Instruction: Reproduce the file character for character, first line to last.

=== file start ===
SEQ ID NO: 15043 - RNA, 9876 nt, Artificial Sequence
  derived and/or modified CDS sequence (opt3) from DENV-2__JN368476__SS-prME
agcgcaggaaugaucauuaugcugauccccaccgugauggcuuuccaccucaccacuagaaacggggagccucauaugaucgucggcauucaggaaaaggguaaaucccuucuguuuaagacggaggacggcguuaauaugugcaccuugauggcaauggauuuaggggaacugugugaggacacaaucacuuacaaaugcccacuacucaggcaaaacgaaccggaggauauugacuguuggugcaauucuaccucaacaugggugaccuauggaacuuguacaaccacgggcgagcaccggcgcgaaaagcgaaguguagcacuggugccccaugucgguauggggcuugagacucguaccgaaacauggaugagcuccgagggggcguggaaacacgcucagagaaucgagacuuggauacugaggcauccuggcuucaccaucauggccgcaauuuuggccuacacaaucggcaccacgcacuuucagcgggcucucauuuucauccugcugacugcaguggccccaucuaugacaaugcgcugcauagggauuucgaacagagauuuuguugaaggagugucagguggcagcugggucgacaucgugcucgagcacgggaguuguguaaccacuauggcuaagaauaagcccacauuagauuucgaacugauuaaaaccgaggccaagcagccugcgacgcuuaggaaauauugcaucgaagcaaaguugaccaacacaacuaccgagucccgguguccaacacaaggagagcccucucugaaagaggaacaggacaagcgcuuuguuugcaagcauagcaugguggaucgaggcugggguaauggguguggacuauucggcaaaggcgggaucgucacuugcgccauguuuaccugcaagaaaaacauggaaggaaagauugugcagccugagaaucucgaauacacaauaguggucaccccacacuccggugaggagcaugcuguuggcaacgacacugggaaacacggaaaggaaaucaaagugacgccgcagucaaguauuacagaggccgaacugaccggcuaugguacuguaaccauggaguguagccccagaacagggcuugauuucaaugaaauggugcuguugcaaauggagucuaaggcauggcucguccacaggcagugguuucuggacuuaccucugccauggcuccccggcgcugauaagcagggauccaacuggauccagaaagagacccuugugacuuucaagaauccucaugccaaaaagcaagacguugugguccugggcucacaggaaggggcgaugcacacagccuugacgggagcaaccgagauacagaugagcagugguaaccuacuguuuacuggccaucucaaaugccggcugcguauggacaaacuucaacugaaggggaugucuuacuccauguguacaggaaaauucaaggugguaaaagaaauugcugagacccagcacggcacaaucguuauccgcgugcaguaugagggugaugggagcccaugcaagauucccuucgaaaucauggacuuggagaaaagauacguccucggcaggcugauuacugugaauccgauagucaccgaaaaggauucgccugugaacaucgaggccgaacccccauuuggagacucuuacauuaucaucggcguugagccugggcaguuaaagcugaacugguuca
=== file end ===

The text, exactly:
SEQ ID NO: 15043 - RNA, 9876 nt, Artificial Sequence
  derived and/or modified CDS sequence (opt3) from DENV-2__JN368476__SS-prME
agcgcaggaaugaucauuaugcugauccccaccgugauggcuuuccaccucaccacuagaaacggggagccucauaugaucgucggcauucaggaaaaggguaaaucccuucuguuuaagacggaggacggcguuaauaugugcaccuugauggcaauggauuuaggggaacugugugaggacacaaucacuuacaaaugcccacuacucaggcaaaacgaaccggaggauauugacuguuggugcaauucuaccucaacaugggugaccuauggaacuuguacaaccacgggcgagcaccggcgcgaaaagcgaaguguagcacuggugccccaugucgguauggggcuugagacucguaccgaaacauggaugagcuccgagggggcguggaaacacgcucagagaaucgagacuuggauacugaggcauccuggcuucaccaucauggccgcaauuuuggccuacacaaucggcaccacgcacuuucagcgggcucucauuuucauccugcugacugcaguggccccaucuaugacaaugcgcugcauagggauuucgaacagagauuuuguugaaggagugucagguggcagcugggucgacaucgugcucgagcacgggaguuguguaaccacuauggcuaagaauaagcccacauuagauuucgaacugauuaaaaccgaggccaagcagccugcgacgcuuaggaaauauugcaucgaagcaaaguugaccaacacaacuaccgagucccgguguccaacacaaggagagcccucucugaaagaggaacaggacaagcgcuuuguuugcaagcauagcaugguggaucgaggcugggguaauggguguggacuauucggcaaaggcgggaucgucacuugcgccauguuuaccugcaagaaaaacauggaaggaaagauugugcagccugagaaucucgaauacacaauaguggucaccccacacuccggugaggagcaugcuguuggcaacgacacugggaaacacggaaaggaaaucaaagugacgccgcagucaaguauuacagaggccgaacugaccggcuaugguacuguaaccauggaguguagccccagaacagggcuugauuucaaugaaauggugcuguugcaaauggagucuaaggcauggcucguccacaggcagugguuucuggacuuaccucugccauggcuccccggcgcugauaagcagggauccaacuggauccagaaagagacccuugugacuuucaagaauccucaugccaaaaagcaagacguugugguccugggcucacaggaaggggcgaugcacacagccuugacgggagcaaccgagauacagaugagcagugguaaccuacuguuuacuggccaucucaaaugccggcugcguauggacaaacuucaacugaaggggaugucuuacuccauguguacaggaaaauucaaggugguaaaagaaauugcugagacccagcacggcacaaucguuauccgcgugcaguaugagggugaugggagcccaugcaagauucccuucgaaaucauggacuuggagaaaagauacguccucggcaggcugauuacugugaauccgauagucaccgaaaaggauucgccugugaacaucgaggccgaacccccauuuggagacucuuacauuaucaucggcguugagccugggcaguuaaagcugaacugguuca